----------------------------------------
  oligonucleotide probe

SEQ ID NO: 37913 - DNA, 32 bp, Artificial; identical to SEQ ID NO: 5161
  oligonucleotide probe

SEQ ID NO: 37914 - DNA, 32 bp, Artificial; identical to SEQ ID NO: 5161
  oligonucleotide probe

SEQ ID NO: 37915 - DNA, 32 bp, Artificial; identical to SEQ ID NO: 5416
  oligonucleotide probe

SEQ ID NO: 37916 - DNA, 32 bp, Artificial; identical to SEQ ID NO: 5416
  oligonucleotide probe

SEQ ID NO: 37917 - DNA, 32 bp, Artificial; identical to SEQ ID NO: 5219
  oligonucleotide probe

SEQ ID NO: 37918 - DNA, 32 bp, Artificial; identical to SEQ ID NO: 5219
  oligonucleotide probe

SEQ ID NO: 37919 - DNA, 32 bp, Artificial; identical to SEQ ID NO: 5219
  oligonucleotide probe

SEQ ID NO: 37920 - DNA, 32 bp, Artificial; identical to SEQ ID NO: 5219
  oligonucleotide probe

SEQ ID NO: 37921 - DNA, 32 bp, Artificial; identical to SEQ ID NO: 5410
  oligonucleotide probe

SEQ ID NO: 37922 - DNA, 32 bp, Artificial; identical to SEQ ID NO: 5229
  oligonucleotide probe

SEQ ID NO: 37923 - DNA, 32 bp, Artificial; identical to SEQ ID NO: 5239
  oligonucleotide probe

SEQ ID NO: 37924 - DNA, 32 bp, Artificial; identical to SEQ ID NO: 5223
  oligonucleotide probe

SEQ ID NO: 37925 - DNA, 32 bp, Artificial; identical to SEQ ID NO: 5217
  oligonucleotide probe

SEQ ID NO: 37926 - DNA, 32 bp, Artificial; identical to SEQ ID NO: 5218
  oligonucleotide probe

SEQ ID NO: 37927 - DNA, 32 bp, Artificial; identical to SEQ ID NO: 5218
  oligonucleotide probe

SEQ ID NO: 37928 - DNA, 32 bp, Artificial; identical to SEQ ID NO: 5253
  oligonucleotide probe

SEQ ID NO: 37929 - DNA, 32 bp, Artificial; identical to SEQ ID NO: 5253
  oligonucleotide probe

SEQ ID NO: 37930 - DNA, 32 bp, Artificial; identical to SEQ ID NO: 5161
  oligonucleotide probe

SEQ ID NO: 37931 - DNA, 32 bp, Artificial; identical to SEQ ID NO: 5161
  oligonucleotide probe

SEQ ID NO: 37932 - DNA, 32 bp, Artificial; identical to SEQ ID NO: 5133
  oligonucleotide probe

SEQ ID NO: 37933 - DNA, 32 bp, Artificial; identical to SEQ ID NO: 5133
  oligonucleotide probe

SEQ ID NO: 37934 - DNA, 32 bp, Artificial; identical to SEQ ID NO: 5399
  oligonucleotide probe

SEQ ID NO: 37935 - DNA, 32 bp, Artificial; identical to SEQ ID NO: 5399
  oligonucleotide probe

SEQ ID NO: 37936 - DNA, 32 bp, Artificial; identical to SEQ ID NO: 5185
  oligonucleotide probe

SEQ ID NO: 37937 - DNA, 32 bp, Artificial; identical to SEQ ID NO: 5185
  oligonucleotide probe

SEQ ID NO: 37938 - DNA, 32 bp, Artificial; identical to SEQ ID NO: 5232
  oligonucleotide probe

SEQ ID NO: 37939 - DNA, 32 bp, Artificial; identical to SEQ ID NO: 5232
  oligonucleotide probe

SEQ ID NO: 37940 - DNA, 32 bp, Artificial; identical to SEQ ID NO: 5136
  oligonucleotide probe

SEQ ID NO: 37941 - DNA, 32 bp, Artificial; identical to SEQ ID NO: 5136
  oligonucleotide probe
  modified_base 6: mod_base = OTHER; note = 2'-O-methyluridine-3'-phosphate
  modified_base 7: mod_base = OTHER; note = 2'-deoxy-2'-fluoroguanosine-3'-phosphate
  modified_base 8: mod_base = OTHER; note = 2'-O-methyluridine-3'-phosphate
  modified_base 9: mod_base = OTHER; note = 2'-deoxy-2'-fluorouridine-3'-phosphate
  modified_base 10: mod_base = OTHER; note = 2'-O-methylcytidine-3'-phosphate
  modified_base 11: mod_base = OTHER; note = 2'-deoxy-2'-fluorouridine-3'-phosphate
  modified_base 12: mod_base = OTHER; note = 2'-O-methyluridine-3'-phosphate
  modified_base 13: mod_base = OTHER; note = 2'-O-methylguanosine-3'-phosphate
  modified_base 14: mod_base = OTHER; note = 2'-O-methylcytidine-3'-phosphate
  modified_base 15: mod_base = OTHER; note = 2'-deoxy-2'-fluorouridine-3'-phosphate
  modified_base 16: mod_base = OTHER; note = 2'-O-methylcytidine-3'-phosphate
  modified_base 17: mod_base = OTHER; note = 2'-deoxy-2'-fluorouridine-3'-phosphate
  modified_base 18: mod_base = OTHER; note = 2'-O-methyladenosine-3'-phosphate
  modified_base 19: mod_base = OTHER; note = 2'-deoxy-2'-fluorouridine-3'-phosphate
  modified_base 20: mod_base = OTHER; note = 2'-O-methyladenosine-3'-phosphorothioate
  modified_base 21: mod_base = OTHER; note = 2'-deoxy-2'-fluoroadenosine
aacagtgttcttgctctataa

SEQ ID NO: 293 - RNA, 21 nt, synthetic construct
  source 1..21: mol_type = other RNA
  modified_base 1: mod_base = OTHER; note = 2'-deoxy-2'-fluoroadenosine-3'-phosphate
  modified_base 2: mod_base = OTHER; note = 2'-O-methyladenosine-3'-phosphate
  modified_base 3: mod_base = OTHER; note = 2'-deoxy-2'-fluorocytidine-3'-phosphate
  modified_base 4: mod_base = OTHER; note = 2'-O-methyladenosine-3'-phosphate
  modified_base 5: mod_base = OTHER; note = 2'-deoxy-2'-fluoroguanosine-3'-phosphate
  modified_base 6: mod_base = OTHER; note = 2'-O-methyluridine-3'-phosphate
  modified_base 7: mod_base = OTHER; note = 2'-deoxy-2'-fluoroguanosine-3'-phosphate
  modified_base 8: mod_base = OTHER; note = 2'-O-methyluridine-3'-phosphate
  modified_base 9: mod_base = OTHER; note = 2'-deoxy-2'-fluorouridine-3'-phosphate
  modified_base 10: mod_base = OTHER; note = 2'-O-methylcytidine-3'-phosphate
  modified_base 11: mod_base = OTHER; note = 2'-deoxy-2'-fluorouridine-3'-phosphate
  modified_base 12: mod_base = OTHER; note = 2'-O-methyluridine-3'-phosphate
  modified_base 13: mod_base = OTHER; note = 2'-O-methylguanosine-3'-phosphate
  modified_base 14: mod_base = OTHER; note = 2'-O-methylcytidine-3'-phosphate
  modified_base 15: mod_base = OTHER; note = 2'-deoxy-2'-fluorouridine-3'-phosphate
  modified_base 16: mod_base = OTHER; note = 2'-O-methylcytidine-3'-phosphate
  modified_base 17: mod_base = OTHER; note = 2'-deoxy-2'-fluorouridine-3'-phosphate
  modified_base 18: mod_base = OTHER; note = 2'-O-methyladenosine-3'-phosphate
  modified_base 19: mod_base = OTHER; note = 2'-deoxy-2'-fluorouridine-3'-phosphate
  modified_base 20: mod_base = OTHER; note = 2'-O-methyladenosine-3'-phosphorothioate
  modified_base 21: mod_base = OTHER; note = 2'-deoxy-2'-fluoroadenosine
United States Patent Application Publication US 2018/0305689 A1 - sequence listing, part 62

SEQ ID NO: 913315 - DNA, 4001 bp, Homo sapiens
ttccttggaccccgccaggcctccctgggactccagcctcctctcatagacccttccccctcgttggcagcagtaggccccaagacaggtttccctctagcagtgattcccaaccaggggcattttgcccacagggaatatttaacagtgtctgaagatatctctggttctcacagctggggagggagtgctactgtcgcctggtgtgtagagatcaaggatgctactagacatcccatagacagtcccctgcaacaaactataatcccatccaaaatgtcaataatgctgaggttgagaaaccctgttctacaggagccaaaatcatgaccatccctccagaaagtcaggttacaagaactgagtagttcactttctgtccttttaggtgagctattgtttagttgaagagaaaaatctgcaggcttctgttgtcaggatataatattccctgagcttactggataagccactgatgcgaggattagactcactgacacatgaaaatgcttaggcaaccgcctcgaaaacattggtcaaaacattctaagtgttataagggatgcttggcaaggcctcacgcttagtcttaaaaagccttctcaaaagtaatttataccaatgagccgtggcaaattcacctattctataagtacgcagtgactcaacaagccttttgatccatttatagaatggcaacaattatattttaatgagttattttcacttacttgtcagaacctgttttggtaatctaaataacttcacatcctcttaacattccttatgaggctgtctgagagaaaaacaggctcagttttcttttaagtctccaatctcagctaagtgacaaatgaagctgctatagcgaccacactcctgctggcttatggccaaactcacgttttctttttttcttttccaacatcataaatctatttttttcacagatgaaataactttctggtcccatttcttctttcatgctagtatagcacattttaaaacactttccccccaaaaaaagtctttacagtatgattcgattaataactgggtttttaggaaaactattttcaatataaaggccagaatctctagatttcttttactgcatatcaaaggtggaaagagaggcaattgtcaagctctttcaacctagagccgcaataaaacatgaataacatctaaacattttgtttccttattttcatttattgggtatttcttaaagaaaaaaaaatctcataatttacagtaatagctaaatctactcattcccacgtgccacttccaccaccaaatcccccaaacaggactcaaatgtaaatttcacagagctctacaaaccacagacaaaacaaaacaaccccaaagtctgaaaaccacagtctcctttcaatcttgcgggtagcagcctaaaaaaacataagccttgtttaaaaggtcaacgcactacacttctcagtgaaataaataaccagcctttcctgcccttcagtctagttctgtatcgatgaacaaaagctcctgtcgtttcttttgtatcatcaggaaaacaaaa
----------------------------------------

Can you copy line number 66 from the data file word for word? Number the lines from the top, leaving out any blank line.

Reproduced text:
  modified_base 12: mod_base = OTHER; note = 2'-O-methyluridine-3'-phosphate